#Octel Why projects fail

Running to catch up I had some thoughts about last weeks #OcTEL, there was an interesting paper looking at some of the project that had failed and drawing 6 critical success factors for mobile web projects.

  1. The pedagogical integration of the technology into the course and assessment.
  2. Lecturer modelling of the pedagogical use of the tools.
  3. Creating a supportive learning community.
  4. Appropriate choice of mobile devices and web 2.0 social software.
  5. The need for technological and pedagogical support for matching the unique affordances of mobile web 2.0 with social constructivist learning paradigms.
  6. Creating sustained interaction that explicitly scaffolds the development of ontological shifts, that is the reconceptualisation of what it means to teach and learn within social constructivist paradigms, both for the lecturers and the students. The use of a structured and sustained intentional community of practice around each project was found to facilitate these ontological shifts.

Now we were meant to look back at one of our projects and use this to evaluate the key failures and successes of the project.  I didnt do this!

Instead I looked at the 6 factors and thought, I think I can do better than that or at least explain it in a way that is easier to understand.  A year or so back I developed “Gliddon’s Hierarchy of Technology Enhanced Learning”

You can work your way up the levels in this and use it to determine what the potential risks are to your project (just add them to your risk matrix as you consider them).

Looking at the 3 projects identified in the paper

  1. Diploma of Landscape Design 2008 this failed at the Training/Culture level, students did not attend training and they were not familiar with the tasks expected.  Serious consideration should have been given to cancelling the project when students failed to attend training.  It also had some issues at the reliability/usability level as the kit was to complicated for some of the students.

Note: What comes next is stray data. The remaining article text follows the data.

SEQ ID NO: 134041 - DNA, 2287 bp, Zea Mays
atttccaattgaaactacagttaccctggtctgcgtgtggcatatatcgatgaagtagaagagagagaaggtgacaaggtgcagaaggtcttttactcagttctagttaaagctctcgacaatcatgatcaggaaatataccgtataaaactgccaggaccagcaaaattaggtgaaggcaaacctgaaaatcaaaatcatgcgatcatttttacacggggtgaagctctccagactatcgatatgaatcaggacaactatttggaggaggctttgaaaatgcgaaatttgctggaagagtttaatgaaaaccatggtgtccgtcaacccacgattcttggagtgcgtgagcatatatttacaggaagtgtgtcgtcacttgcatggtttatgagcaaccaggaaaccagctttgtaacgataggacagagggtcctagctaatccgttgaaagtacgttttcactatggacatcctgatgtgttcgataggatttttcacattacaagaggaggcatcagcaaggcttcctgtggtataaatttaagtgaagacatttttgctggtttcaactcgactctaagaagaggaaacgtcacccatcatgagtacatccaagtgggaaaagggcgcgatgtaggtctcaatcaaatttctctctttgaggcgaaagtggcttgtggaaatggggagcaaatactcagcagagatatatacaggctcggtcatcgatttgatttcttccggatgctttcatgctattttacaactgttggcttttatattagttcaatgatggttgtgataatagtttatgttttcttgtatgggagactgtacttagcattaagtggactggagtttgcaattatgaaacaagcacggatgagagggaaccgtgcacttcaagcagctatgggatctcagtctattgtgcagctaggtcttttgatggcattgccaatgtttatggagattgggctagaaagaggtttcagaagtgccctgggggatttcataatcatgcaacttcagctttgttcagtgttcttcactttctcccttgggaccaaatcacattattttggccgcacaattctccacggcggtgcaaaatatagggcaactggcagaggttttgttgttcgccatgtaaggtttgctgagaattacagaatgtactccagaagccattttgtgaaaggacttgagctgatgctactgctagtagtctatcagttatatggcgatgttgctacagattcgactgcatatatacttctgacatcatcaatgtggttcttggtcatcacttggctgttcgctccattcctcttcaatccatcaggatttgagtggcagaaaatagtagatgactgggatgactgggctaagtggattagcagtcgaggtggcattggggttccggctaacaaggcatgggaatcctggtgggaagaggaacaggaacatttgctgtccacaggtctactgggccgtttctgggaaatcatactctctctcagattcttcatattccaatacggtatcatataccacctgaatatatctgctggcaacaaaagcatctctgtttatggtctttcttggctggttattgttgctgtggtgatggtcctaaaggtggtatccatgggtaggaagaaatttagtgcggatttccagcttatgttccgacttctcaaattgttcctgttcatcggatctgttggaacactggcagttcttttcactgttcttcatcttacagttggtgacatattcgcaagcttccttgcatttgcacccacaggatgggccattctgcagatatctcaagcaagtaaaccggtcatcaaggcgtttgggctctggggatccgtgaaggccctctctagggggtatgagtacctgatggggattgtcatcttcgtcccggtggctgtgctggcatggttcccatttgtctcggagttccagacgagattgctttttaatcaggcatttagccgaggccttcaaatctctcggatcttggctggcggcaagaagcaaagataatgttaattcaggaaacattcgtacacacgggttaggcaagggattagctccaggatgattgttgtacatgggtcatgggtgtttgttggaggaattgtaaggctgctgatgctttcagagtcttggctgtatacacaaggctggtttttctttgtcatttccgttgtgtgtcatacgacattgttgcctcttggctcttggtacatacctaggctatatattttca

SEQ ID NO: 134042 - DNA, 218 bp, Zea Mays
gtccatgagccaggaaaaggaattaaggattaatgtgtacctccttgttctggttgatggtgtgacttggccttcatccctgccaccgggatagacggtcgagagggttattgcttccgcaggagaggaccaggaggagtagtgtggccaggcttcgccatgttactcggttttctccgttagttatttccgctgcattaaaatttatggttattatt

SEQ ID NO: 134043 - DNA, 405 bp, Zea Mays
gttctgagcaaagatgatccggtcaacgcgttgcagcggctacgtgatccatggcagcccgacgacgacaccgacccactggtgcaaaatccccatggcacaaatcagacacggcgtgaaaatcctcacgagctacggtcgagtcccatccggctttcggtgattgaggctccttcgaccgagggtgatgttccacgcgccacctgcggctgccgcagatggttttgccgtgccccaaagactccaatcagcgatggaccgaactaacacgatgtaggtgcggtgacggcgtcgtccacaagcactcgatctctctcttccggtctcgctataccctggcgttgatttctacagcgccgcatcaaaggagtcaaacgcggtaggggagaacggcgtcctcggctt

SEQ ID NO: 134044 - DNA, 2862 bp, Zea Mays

2. Bachelor of Architecture 2009 this had problems at the Recognition level, with the senior member of staff not seeing the project as worthwhile or giving the students credit for engaging.  It is interesting that it was possible to achieve some success with students choosing to do it as optional.  I would suggest this is because with the lower levels being met some students provided their own recognition because the project had worth in their own opinion
  3. Bachelor of Computing 2010 this was again problems at the Training/Culture level although this time the problem was with the staff.  With staff showing little interest in the changes required by the project and the training attached, the project should have been reconsidered.  When evidence emerged of staff reverting to the old curriculum instead of engaging with the new it might have been time to abandon the project.

I think the researcher had done some fantastic work in the above projects often struggling on against the odds and achieving some success despite the problems (and lets be honest who hasn’t responded to problems in a project by working harder to solve them).  I hope that for some people using my Hierarchy may give them the opportunity to identify problems early enough to either change them or abandon the project before to much effort is spent.



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